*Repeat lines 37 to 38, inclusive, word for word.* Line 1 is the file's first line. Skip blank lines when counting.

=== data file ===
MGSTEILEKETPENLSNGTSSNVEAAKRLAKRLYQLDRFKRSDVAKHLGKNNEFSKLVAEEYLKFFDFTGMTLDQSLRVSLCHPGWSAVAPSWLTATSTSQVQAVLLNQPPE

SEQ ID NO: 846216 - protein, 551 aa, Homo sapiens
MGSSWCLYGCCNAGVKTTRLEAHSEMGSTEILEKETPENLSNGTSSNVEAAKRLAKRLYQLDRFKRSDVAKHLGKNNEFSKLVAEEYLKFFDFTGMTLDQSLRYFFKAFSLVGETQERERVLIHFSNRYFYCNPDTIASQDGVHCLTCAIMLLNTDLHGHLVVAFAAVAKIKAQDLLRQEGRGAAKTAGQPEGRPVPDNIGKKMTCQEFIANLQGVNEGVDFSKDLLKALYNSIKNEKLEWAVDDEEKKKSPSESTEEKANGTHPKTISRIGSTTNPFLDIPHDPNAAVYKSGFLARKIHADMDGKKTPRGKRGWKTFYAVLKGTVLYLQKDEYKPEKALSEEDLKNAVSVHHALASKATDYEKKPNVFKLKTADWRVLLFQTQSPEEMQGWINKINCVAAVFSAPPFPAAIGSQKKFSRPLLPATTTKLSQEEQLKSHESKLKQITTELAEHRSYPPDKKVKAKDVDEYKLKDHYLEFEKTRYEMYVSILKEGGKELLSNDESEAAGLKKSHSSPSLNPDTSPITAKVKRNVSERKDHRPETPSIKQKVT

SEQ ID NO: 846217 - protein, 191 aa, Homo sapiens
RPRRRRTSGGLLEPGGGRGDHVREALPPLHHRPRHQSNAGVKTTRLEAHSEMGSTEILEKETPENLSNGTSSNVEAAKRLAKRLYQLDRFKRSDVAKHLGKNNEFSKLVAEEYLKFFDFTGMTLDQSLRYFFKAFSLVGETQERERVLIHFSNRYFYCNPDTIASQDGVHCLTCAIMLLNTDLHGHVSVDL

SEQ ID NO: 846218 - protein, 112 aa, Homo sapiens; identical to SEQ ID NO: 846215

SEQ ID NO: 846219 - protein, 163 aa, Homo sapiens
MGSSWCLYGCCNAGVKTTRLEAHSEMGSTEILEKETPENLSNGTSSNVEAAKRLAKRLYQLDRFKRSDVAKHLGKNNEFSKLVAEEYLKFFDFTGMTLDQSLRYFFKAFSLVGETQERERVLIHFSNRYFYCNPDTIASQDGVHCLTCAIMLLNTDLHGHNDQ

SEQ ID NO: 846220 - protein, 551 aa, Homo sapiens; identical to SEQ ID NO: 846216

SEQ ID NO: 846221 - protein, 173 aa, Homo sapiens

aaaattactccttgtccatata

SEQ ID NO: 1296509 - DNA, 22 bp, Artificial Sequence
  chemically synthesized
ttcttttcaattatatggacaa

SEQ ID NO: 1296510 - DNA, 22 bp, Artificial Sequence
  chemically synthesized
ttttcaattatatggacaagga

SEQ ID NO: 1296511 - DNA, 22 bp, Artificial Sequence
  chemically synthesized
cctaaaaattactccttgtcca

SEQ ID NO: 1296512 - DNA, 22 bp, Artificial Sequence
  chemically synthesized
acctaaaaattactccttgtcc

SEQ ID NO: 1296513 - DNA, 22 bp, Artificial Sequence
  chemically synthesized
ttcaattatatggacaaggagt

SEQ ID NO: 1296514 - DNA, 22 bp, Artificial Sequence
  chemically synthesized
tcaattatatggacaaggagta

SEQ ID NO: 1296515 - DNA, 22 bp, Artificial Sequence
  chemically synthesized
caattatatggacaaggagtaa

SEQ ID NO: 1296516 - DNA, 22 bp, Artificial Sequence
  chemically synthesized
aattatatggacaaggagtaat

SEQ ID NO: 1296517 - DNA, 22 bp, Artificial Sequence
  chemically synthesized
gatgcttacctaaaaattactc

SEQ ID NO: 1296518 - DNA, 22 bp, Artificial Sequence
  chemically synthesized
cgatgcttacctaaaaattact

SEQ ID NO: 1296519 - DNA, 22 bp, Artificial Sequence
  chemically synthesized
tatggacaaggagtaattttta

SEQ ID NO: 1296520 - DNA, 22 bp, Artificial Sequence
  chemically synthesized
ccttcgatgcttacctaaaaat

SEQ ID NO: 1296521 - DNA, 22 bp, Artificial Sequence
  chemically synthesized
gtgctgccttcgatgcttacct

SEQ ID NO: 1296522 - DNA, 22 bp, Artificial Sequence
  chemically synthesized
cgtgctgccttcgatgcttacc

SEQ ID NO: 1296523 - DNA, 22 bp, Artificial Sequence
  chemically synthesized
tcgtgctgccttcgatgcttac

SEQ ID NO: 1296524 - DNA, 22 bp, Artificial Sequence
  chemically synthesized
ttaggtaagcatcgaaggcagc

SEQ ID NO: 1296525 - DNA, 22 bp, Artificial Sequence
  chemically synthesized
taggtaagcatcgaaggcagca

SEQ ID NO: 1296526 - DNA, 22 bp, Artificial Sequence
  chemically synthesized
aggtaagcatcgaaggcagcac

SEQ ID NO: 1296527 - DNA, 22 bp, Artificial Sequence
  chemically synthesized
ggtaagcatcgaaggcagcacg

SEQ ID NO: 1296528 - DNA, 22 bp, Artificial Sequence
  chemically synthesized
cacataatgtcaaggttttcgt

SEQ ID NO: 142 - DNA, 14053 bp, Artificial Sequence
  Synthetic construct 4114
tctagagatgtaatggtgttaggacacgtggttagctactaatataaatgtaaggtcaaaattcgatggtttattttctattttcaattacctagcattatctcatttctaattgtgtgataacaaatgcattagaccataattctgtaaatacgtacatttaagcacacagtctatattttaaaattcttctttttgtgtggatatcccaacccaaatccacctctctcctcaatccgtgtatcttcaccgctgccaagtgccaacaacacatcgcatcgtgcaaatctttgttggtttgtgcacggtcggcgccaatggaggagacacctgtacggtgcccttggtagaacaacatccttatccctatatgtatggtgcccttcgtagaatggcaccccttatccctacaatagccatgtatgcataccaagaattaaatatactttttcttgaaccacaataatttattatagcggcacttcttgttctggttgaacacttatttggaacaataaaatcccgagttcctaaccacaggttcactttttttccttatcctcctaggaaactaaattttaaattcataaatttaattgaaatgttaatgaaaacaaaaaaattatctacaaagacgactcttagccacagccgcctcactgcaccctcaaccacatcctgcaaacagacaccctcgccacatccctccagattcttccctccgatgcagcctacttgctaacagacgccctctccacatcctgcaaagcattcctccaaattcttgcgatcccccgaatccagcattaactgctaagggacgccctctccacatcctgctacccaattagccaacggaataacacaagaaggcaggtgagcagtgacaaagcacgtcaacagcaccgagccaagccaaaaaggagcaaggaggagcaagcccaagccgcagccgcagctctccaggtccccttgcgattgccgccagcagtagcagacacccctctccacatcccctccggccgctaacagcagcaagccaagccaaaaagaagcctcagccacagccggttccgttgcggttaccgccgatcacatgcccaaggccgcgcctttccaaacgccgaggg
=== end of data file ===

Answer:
  chemically synthesized
gatgcttacctaaaaattactc